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Auction news

Rare Ferraris a valuable legacy

HandH_Colton_Ferraris-group

H&H Classics, one of Britain’s oldest classic car auction houses, will hold a sale of two multi-million-pound Ferraris from the Richard Colton collection in a generous legacy left to the Royal National Lifeboat Institution.

The sale will take place at the Imperial War Museum, Duxford, Cambridgeshire – Europe’s largest historic aviation centre – on October 14 and the funds raised will go towards the RNLI’s lifesaving work.

The legacy was left by Northamptonshire businessman Mr Colton, who requested that money raised from the sale of his cars be used to build a new lifeboat called Richard and Caroline Colton, named after himself and his late wife.

1960 Ferrari 250 GT short-wheelbase (SWB) Berlinetta chassis 1995 GT, of which just 167 were made with only ten being supplied new to the UK market.

Unveiled at the 1959 Paris Salon, it is on many experts’ list of the ‘most beautiful cars in the world’. It is certainly one of the most valuable, joining the 250 Testarossa and 250 GTO in the multi-million-dollar club and is a ‘must-have’ for any serious Ferrari collector.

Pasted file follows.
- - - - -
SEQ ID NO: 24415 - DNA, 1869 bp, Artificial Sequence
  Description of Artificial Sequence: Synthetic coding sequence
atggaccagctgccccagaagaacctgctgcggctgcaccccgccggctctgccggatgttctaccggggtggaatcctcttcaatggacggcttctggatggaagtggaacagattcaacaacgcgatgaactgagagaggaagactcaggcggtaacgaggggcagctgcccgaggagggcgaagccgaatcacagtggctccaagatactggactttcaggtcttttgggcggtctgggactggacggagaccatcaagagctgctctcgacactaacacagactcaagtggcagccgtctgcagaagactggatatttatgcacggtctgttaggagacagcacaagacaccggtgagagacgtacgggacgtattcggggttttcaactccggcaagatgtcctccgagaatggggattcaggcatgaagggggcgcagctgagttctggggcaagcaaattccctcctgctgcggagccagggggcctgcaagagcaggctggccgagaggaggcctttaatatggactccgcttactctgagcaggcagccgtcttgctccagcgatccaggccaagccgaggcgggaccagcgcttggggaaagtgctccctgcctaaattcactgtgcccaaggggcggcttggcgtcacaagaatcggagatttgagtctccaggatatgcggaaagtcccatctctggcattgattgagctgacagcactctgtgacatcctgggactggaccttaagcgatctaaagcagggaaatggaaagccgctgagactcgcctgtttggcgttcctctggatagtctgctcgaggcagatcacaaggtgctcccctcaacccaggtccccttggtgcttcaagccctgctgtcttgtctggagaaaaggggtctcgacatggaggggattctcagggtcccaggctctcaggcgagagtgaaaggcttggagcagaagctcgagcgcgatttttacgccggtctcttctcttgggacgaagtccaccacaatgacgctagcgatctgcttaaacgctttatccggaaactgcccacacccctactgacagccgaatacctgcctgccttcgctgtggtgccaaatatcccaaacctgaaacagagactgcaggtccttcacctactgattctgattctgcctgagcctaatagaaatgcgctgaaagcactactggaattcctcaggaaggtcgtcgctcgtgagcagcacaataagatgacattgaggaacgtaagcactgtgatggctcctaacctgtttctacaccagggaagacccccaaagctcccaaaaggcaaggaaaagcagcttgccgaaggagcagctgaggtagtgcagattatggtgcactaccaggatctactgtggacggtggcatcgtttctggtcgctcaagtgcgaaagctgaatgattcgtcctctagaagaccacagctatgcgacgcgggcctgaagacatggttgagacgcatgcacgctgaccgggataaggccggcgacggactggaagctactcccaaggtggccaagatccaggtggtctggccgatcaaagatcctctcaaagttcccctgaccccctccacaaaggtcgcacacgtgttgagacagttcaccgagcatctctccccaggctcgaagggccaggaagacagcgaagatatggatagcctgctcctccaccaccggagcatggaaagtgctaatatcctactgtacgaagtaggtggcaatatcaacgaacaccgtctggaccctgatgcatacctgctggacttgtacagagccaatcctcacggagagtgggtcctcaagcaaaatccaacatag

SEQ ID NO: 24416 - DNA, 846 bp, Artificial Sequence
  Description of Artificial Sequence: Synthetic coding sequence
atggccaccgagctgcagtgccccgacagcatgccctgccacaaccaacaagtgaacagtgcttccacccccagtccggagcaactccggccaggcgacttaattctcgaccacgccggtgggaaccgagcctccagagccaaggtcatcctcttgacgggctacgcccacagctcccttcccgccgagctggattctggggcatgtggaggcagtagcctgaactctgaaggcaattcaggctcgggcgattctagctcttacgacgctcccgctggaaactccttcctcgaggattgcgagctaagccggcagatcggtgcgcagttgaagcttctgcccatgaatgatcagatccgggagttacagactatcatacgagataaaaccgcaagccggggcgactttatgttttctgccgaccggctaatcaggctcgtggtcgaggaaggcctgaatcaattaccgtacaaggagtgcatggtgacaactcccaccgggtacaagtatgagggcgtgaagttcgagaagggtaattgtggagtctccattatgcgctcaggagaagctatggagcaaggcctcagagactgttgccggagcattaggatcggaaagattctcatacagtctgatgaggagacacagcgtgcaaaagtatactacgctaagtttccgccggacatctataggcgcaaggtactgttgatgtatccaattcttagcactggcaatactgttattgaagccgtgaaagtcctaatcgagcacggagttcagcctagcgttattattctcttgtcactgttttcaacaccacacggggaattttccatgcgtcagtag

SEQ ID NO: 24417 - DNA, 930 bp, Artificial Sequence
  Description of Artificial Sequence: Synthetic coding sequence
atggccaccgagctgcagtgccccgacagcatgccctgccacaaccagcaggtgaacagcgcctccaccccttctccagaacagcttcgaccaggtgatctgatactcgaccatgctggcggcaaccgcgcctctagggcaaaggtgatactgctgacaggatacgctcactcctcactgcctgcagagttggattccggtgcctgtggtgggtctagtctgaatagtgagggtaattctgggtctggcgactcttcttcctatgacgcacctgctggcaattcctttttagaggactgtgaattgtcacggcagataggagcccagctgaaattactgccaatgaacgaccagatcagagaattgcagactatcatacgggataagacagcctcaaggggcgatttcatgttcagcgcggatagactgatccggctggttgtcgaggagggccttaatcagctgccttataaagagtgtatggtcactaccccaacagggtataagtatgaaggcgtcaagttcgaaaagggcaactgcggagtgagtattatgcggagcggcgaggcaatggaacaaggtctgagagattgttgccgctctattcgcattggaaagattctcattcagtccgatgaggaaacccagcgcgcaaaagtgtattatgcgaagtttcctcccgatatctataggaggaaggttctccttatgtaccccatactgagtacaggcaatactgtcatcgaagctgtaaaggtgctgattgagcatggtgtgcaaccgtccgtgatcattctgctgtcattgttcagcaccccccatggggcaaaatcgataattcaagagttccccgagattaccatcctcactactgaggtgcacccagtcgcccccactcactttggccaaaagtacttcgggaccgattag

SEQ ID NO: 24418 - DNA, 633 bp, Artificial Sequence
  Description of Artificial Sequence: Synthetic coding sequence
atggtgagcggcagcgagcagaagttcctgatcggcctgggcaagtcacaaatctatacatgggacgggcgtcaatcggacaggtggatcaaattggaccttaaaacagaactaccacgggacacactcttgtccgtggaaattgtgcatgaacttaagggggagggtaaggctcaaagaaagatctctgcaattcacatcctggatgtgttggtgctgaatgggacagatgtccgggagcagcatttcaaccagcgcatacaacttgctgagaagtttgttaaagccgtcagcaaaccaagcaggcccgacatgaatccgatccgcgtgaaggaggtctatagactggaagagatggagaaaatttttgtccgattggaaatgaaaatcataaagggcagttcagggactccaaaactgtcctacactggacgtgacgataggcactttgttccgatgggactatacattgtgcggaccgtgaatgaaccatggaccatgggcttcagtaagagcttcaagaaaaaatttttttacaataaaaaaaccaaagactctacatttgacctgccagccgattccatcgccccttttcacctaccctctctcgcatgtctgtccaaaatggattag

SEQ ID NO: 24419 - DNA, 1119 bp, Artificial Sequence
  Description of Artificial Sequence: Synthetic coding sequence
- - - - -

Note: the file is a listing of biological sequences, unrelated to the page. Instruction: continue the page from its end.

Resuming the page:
In its day, the 250 GT SWB Berlinetta was the fastest, most accomplished 3.0-litre GT racing car that money could buy. Driven by such greats as Stirling Moss and Phil Hill, from 1960 to 1961 SWBs won the RAC Tourist Trophy, the Tour de France Automobile and the Paris 1000km.

1967 Ferrari 275 GTB/4 chassis 10177 GT – thought by many to be the ultimate front-engined, Enzo-era Ferrari road car.

Another powerful Ferrari that made its debut in Paris, just 350 of the 300bhp, 160mph berlinettas were made, of which only 27 were supplied new to the UK market.

Widely regarded as the best all-round GT car of the 1960s, the Ferrari 275 GTB/4 comfortably eclipsed rivals from Aston Martin, Maserati, Jaguar and Lamborghini. First-time owners included the Hollywood star Steve McQueen, and the car’s peerless handling and delicate steering makes it a far easier car to drive than its more numerous successor, the 365 GTB/4 ‘Daytona’.

The example offered began life as the Maranello Concessionaires demonstrator. Swapping a Bentley Speed Six for the Ferrari in 1974, Mr Colton proceeded to drive it extensively throughout the UK and Europe. Now showing some 78,000 miles on its odometer, like its stablemate 250 GT SWB, the silver 275GTB/4 was a frequent visitor to Scotland, Sweden, France and Italy.

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